June 2008

This is a great sermon from the lectionary text for last week, Matthew 10:40-42.

Michelle Holmes Chaney – June 29, 2008

Internet video casting allows a church to stay connected to members who are sick and shut in, members who are on vacation and potentially it can connect with prospective visitors.  When used in connection with the church newsletter, bulletin, a community mailing and encouragement from the pulpit it can be an effective ministry tool.

Early Christians made the marketplace the focal point of their ministry because their occupations regularly took them there. As they conducted business, it was natural for them to present the Gospel to the people they encountered. Marketplace people played a vital role in the emergence, establishment, and expansion of the early church—in fact, most of the followers of Jesus Christ remained in full-time business while simultaneously conducting full-time ministry. This was possible because they saw the marketplace as their parish and their business as a pulpit, to them witnessing was not an occasional activity but a lifestyle.

Generals, Not Privates

Today, millions of men and women are similarly called to full-time ministry in business, education, and government—the marketplace. These men and women work as stockbrokers, lawyers, entrepreneurs, farmers, chief operating officers, news reporters, teachers, police officers, plumbers, factory foremen, receptionists, cooks, and much more. Some of them have great influence on mainstream society, others are unsung heroes with low profiles, but each of them has been divinely called to bring the kingdom of God to the heart of the city.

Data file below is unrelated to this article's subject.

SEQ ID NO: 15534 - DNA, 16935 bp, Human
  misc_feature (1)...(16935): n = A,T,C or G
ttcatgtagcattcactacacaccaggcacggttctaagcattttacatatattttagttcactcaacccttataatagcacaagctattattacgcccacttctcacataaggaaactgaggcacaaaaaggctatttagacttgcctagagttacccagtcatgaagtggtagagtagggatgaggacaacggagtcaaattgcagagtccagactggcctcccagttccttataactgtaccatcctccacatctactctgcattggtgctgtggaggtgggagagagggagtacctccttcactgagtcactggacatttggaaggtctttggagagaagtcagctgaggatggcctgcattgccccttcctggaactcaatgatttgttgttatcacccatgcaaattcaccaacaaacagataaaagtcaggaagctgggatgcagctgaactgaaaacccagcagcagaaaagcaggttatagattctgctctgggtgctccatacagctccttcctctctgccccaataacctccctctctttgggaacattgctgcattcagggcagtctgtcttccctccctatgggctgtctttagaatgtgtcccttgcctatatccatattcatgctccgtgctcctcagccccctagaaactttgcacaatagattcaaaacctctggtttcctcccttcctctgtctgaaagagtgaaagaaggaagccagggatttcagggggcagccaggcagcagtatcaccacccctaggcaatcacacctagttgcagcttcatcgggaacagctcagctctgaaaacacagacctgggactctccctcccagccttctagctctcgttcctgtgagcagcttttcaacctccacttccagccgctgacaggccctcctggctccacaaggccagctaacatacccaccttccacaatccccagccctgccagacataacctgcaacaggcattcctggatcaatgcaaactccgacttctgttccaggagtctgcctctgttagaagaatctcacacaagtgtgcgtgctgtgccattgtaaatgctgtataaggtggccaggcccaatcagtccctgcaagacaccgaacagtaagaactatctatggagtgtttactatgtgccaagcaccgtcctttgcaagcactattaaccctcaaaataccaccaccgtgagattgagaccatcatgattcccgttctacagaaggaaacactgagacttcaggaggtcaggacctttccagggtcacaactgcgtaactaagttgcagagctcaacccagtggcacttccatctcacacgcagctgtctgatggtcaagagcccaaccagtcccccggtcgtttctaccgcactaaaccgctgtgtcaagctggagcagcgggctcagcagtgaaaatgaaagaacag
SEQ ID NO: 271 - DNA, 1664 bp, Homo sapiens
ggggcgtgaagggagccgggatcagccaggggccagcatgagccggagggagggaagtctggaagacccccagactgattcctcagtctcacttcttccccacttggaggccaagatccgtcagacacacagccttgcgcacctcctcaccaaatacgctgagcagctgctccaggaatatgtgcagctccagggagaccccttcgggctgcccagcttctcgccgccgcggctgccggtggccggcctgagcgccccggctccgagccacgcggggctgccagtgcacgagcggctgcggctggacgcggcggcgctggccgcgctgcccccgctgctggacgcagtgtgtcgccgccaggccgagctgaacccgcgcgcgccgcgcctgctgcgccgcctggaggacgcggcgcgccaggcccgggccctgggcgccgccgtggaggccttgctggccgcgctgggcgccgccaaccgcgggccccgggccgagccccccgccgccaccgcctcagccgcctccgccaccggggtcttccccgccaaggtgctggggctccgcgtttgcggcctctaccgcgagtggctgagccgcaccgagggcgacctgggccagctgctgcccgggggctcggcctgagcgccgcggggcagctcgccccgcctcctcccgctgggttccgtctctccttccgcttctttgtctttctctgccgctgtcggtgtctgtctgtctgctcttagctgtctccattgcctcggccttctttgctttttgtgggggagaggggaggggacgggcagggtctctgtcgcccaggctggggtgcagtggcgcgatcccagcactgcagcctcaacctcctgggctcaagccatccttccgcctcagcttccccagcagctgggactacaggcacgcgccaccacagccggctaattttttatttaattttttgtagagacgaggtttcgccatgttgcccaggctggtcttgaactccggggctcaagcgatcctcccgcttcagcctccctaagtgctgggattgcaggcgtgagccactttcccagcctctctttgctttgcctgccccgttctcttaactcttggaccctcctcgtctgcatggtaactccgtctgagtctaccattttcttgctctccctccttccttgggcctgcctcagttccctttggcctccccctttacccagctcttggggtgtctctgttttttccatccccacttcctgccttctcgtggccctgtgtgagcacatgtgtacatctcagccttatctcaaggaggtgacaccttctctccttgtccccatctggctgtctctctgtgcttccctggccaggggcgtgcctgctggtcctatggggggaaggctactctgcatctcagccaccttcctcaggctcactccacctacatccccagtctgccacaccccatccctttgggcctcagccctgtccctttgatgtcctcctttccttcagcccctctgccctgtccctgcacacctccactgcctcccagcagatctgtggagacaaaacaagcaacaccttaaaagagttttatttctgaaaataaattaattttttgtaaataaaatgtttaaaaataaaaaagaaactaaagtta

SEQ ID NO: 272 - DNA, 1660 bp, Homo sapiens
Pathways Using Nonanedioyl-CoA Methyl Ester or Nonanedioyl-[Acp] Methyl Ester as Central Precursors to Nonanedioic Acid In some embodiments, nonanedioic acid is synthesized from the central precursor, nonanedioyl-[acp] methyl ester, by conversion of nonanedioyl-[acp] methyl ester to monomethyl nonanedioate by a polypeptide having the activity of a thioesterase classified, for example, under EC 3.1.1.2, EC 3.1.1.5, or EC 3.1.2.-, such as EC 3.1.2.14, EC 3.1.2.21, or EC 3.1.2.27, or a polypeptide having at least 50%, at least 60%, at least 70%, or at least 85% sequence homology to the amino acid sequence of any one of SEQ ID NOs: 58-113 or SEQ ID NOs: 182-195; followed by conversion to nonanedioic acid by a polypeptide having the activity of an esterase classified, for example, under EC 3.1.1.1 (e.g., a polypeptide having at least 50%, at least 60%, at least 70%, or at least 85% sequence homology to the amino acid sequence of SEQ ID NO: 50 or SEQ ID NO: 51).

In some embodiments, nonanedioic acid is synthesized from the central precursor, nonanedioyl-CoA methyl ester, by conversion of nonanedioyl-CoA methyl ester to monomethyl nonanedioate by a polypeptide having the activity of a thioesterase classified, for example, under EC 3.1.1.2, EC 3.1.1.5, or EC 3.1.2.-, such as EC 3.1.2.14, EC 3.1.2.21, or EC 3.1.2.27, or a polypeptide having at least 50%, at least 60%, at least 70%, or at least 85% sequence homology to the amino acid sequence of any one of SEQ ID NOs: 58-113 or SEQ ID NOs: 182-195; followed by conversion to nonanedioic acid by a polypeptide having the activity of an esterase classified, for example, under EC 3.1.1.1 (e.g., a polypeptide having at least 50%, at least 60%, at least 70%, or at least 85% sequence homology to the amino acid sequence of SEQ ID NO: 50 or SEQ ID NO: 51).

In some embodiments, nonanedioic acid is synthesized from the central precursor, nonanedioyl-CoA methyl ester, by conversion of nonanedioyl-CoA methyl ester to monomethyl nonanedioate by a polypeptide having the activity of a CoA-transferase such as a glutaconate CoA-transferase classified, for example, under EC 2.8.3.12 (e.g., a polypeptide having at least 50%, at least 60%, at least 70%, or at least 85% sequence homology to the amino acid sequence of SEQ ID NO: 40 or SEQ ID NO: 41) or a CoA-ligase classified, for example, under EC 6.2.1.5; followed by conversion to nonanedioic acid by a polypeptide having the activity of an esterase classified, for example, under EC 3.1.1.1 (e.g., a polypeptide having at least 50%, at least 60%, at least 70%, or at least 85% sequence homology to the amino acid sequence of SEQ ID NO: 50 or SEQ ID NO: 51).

Unfortunately, many of these marketplace Christians feel like second-class citizens when compared to people who serve full-time in a church. This should not be the case. No matter the occupation, Christians who work at secular jobs need to know that they are not perpetual privates in God’s army just because they have not gone to seminary. They have the potential to become full-fledged generals whose ministry is in the heart of the city, instead of inside a religious building.


I am absolutely convinced that as clergy in the UMC, we must reclaim the foundations of our Wesleyan  heritage. Our practices of ministry must include marketplace ministry. Our ordination to Word, Sacrament , Order and Service implicitly includes witness.  Clergy must model living our witness in the marketplace intentionally and consistently.  I will be looking for models of marketplace ministry and sharing over the next few days.